The opening used in Seasons 6 and 7 featured an opening shot of the mantle on the Seavers' fireplace panning over pictures of the cast. The past photos of each cast member were kept, but the clips where each cast member's name is overlayed on was replaced with still-current photos of each cast member. In this sequence, the male cast members wore tuxedos, and the female cast members wore formal dresses. The only exception was Leonardo DiCaprio: when he was added to the cast, his photo featured him wearing a hooded shirt and jeans, although for the first few episodes he appeared in, the camera would zoom to a wide shot, then his name was displayed). The end of this sequence featured various still-shots of the entire cast trying to get together for their picture, closing with a shot of the pictures on the wall on and above the mantle.
The show's theme song is "As Long As We've Got Each Other," written and composed by John Bettis
and performed by:
(singing solo); Season 1
B.J. Thomas & Jennifer Warnes
; Seasons 2, 3, 5 and part of 7
B.J. Thomas & Dusty Springfield
; Season 4
; Season 6 and part of 7
There were 9 versions of the theme song; others included a Halloween-themed version not sung by Thomas or Warnes used in a 2-part Halloween episode in 1990. The first 3 seasons featured an instrumental part at the end of the theme, but in the fourth season, the original last verse of the TV version of the theme song, "Sharing the laughter and love," was added in its place.
There was also an a cappella version of the song which was used for all of Season Six, but this version was abandoned for most of Season Seven in favor of the reinstatement of Thomas's and Warnes's duet version.
At the beginning of the seventh season, a new character, homeless teen Luke Brower (then-unknown Leonardo DiCaprio), was introduced in a last-ditch attempt to salvage ratings, to no avail. Growing Pains had declined slightly on its established Wednesday time slot in Season 6, and was moved to Saturday nights in the fall of 1991 to make room for newer comedies. The other long-running show initially affected by this strategy was Who's the Boss?, which also moved to Saturdays. Ratings for both shows plunged to new lows, with insiders stating that ABC was getting rid of both programs by putting them on the "graveyard shift". To diffuse this fact, ABC moved the long-running sitcom Perfect Strangers, a show with reasonably high ratings, to Saturdays in February 1992; its presence helped to launch a new comedy block known as I Love Saturday Night. This final effort at scheduling had an adverse effect for all 3 shows, and, most of all, for new cartoon Capitol Critters, which was cancelled after only 2 months. By then, Growing Pains (along with Who's the Boss? and MacGyver) was canceled.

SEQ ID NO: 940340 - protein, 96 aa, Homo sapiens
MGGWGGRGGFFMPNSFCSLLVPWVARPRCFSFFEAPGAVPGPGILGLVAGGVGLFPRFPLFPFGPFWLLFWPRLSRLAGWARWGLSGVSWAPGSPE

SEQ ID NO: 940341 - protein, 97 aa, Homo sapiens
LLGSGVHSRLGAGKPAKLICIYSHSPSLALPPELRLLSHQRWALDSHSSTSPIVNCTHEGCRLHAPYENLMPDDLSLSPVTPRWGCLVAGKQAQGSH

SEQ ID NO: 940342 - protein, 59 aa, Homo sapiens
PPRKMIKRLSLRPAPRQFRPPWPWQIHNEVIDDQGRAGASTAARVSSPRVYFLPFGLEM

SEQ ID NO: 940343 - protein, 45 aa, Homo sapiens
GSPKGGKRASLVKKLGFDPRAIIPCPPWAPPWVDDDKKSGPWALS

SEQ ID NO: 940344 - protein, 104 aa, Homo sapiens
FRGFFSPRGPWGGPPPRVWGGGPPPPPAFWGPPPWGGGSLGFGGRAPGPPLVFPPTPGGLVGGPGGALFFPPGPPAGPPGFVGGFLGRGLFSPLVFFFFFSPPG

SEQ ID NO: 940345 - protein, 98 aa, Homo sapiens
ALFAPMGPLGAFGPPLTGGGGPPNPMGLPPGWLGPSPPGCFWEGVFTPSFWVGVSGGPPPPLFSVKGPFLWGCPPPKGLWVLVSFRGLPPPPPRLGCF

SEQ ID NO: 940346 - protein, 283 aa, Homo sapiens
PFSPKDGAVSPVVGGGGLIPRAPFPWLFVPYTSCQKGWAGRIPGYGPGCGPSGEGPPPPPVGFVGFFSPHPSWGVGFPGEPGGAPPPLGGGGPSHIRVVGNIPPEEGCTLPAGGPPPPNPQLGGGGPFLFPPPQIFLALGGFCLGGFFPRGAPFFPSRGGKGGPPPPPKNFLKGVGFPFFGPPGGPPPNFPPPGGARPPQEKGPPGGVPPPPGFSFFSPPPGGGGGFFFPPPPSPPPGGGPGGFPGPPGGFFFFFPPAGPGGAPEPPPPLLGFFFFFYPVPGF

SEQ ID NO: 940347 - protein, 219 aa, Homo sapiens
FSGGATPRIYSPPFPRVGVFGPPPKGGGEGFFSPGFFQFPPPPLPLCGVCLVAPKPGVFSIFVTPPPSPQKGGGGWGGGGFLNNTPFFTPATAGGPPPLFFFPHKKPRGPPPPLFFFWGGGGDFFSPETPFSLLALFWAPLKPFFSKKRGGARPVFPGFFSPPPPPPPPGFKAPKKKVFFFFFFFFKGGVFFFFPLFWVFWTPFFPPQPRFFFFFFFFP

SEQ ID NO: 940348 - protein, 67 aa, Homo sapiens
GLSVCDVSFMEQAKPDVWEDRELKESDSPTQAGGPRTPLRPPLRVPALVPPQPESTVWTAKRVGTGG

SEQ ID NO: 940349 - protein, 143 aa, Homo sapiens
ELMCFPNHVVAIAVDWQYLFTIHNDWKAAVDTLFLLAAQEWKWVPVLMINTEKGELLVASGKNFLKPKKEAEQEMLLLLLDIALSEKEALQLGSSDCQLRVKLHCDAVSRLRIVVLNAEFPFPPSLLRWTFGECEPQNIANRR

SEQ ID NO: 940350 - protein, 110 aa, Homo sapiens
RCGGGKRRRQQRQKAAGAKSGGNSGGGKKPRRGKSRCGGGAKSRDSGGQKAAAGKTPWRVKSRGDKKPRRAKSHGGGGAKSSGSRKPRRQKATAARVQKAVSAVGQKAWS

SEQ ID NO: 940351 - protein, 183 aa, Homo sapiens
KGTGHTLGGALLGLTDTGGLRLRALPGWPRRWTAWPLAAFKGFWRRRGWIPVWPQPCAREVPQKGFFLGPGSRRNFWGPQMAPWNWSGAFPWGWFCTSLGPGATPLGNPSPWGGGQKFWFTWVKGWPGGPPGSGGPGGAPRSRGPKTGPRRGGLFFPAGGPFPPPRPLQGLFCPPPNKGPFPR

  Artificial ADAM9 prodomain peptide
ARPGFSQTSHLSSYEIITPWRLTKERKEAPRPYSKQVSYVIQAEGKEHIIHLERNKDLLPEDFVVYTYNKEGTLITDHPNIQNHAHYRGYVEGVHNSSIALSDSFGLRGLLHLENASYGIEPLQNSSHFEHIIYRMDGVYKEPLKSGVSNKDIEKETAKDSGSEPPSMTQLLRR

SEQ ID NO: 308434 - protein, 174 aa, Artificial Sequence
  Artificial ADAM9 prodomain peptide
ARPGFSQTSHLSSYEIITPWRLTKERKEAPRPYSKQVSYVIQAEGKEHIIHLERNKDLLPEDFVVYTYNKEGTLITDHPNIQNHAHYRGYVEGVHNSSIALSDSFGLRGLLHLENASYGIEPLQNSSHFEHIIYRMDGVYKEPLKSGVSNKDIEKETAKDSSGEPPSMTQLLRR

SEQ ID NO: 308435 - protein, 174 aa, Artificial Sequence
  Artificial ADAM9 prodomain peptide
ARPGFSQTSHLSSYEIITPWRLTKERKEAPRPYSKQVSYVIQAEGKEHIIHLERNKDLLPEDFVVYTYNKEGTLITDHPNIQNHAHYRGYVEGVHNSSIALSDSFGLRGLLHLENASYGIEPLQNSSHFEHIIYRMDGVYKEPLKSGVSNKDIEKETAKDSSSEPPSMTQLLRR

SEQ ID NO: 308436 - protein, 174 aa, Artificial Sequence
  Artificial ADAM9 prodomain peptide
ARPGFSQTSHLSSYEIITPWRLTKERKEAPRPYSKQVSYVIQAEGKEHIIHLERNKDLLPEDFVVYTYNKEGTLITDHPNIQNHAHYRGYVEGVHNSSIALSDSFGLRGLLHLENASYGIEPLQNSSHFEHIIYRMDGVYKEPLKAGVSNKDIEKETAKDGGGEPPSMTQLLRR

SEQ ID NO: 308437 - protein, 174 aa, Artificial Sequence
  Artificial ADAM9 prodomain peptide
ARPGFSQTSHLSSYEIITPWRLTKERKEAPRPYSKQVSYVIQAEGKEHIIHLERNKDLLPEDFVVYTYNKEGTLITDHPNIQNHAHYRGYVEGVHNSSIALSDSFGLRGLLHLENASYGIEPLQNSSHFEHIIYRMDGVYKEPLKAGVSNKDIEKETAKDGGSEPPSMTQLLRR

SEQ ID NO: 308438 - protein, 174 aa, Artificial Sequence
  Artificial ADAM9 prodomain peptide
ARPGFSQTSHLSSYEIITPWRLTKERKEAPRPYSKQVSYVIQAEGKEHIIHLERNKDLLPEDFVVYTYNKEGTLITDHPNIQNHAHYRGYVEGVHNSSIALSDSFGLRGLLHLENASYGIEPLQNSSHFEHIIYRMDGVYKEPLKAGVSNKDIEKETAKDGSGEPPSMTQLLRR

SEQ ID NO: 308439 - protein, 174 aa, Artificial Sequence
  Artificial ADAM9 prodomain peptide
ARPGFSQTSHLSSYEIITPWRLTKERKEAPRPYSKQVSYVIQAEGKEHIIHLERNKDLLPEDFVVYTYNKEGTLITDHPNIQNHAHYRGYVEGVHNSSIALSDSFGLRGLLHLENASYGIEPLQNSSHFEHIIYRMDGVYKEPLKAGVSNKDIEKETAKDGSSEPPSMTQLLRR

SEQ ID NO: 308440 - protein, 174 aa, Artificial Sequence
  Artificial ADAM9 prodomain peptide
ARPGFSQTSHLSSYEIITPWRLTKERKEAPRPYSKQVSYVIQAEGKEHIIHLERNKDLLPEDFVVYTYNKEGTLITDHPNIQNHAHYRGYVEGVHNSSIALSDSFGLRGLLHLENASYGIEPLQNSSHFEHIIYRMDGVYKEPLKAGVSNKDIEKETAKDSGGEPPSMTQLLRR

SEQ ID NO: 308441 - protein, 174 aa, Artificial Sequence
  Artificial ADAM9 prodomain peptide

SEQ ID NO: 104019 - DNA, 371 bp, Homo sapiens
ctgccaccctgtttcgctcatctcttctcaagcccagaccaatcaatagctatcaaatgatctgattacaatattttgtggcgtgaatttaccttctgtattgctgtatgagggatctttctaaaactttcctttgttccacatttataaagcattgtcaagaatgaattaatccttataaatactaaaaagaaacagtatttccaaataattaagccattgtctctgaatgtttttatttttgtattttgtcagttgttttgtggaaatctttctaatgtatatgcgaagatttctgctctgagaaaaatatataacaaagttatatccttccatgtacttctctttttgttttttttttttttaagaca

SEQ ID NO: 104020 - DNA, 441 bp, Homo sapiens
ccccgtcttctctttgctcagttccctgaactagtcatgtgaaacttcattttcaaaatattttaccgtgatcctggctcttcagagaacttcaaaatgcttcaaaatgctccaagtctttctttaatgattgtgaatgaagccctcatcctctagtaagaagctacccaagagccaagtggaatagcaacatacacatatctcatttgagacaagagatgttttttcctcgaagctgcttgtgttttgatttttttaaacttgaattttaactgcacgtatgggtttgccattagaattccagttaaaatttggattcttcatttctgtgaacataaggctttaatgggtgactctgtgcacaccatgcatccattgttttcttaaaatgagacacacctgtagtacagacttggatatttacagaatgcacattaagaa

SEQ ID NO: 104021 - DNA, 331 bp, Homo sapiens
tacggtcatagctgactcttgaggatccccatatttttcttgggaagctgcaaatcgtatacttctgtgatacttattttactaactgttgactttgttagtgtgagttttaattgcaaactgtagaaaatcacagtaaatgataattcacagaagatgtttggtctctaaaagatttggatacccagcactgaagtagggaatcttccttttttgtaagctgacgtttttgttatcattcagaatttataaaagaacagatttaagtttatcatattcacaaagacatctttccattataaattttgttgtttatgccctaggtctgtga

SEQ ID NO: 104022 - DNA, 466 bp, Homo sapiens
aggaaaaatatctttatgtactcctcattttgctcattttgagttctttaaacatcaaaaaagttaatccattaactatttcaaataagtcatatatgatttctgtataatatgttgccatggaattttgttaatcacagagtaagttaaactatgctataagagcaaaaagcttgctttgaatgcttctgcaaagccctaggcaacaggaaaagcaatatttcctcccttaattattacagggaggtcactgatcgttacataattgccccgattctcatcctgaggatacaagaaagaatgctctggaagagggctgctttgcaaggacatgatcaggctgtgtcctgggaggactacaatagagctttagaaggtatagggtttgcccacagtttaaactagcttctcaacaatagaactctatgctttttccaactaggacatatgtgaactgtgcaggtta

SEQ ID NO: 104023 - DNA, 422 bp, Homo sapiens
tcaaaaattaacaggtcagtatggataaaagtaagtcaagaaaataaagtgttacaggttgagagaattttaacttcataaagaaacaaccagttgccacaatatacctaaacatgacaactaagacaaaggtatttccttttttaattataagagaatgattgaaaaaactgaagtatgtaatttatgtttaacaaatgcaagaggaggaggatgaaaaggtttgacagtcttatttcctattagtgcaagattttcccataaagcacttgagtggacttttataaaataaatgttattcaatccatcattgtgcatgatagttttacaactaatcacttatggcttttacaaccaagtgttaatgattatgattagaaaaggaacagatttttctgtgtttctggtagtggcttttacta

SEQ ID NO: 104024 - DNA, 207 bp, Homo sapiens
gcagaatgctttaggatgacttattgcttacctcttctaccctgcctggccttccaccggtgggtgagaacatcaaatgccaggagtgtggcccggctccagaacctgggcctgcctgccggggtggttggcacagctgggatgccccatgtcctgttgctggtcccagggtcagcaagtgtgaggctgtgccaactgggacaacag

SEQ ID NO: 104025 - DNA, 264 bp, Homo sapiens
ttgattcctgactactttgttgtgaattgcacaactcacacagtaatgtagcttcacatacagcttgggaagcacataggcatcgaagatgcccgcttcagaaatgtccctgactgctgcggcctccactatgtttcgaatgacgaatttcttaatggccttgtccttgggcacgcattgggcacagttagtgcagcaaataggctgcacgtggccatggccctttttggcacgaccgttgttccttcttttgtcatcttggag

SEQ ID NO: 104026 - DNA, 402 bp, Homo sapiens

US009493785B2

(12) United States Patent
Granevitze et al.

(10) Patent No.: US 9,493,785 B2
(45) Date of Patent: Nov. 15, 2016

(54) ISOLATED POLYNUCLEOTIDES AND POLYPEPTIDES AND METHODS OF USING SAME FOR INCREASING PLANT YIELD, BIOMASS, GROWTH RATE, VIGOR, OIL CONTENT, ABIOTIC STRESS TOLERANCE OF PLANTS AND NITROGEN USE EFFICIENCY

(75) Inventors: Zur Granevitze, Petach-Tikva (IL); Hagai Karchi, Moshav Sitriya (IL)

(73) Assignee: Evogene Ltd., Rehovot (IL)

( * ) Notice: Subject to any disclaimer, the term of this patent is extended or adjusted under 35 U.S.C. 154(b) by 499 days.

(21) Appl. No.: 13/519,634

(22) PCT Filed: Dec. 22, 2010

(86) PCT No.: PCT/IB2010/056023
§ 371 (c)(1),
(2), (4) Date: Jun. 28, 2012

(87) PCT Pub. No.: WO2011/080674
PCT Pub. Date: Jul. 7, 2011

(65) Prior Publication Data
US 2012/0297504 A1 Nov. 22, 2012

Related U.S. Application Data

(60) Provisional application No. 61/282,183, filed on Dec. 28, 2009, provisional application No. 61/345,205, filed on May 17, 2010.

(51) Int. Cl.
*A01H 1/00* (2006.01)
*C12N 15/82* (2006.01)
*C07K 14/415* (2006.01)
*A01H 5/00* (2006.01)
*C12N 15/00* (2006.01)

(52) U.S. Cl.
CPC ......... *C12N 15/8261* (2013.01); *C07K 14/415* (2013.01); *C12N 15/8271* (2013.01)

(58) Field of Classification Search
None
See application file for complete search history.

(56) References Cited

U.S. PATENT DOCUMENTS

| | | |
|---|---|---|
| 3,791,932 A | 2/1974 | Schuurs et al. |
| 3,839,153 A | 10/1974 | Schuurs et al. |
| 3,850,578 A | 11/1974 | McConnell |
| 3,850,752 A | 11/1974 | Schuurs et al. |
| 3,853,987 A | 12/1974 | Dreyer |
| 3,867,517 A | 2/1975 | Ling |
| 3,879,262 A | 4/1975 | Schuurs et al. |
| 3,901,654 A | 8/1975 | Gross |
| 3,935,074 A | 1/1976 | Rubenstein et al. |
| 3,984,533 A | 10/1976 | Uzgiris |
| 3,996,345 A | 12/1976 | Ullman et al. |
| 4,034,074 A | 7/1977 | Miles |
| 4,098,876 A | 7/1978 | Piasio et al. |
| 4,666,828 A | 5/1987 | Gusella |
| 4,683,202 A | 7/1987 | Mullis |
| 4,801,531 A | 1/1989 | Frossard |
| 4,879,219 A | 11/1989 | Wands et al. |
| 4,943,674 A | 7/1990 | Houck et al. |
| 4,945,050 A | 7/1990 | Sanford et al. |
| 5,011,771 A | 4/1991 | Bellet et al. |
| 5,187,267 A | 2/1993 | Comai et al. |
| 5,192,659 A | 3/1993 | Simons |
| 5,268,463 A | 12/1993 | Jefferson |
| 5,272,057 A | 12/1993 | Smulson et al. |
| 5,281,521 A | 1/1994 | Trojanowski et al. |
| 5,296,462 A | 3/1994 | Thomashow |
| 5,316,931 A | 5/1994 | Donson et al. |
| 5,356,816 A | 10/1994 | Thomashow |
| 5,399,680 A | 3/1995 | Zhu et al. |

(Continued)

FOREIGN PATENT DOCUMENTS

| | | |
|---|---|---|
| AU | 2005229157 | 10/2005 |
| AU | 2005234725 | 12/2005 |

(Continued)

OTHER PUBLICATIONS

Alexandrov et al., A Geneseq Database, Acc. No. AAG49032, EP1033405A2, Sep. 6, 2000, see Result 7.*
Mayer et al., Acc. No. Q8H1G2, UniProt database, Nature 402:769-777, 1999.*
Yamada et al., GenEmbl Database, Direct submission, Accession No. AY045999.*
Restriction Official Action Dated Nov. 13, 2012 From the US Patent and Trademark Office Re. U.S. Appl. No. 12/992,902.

Despite the show's success, there were a few behind-the-scenes controversies.
Kirk Cameron's clashes
In 1987, Kirk Cameron became a born again Christian. Afterwards he began to increasingly raise objections behind the scene to what he viewed as the depiction and promotion of immoral behavior on the show.
After Cameron's religious conversion, his beliefs frequently interfered with production of the show. He insisted that no "adult themes" be incorporated into episodes, and he often demanded that entire episodes be re-written when he objected to the content (when one planned episode revolved around Julie giving Mike the key to her apartment, Cameron objected to the sexual connotations, and he forced a new script to be written). According to the Growing Pains episode of E! True Hollywood Story, Cameron at one point went so far as to call the President of ABC on the phone, and refer to executive producers Dan Guntzelman, Mike Sullivan and Steve Marshall as pornographers, due to the content of some of the episodes. In 1991, after the show's sixth season, the three men quit the show as a result of Cameron's actions and statements. Cameron's conflicts with the writers were frequent in part due to his low level of tolerance for "immoral" behavior. For example, according to E True Hollywood Stories, one scene which he objected to would have shown Mike in bed with a girl. The camera would then pull back to reveal that the two were on stage, rehearsing a scene for a play. Even this oblique reference to sexuality was too much for Cameron. The most significant instance of Cameron's editorial interference occurred in the 1989-1990 season which was supposed to involve Mike marrying his girlfriend Julie. However, Cameron objected to the fact that actress Julie McCullough, who played the popular character Julie Costello, had once posed nude for Playboy. Cameron demanded that the producers fire her or he would quit. McCullough was fired, and Julie was written out of the series as having left Mike at the altar.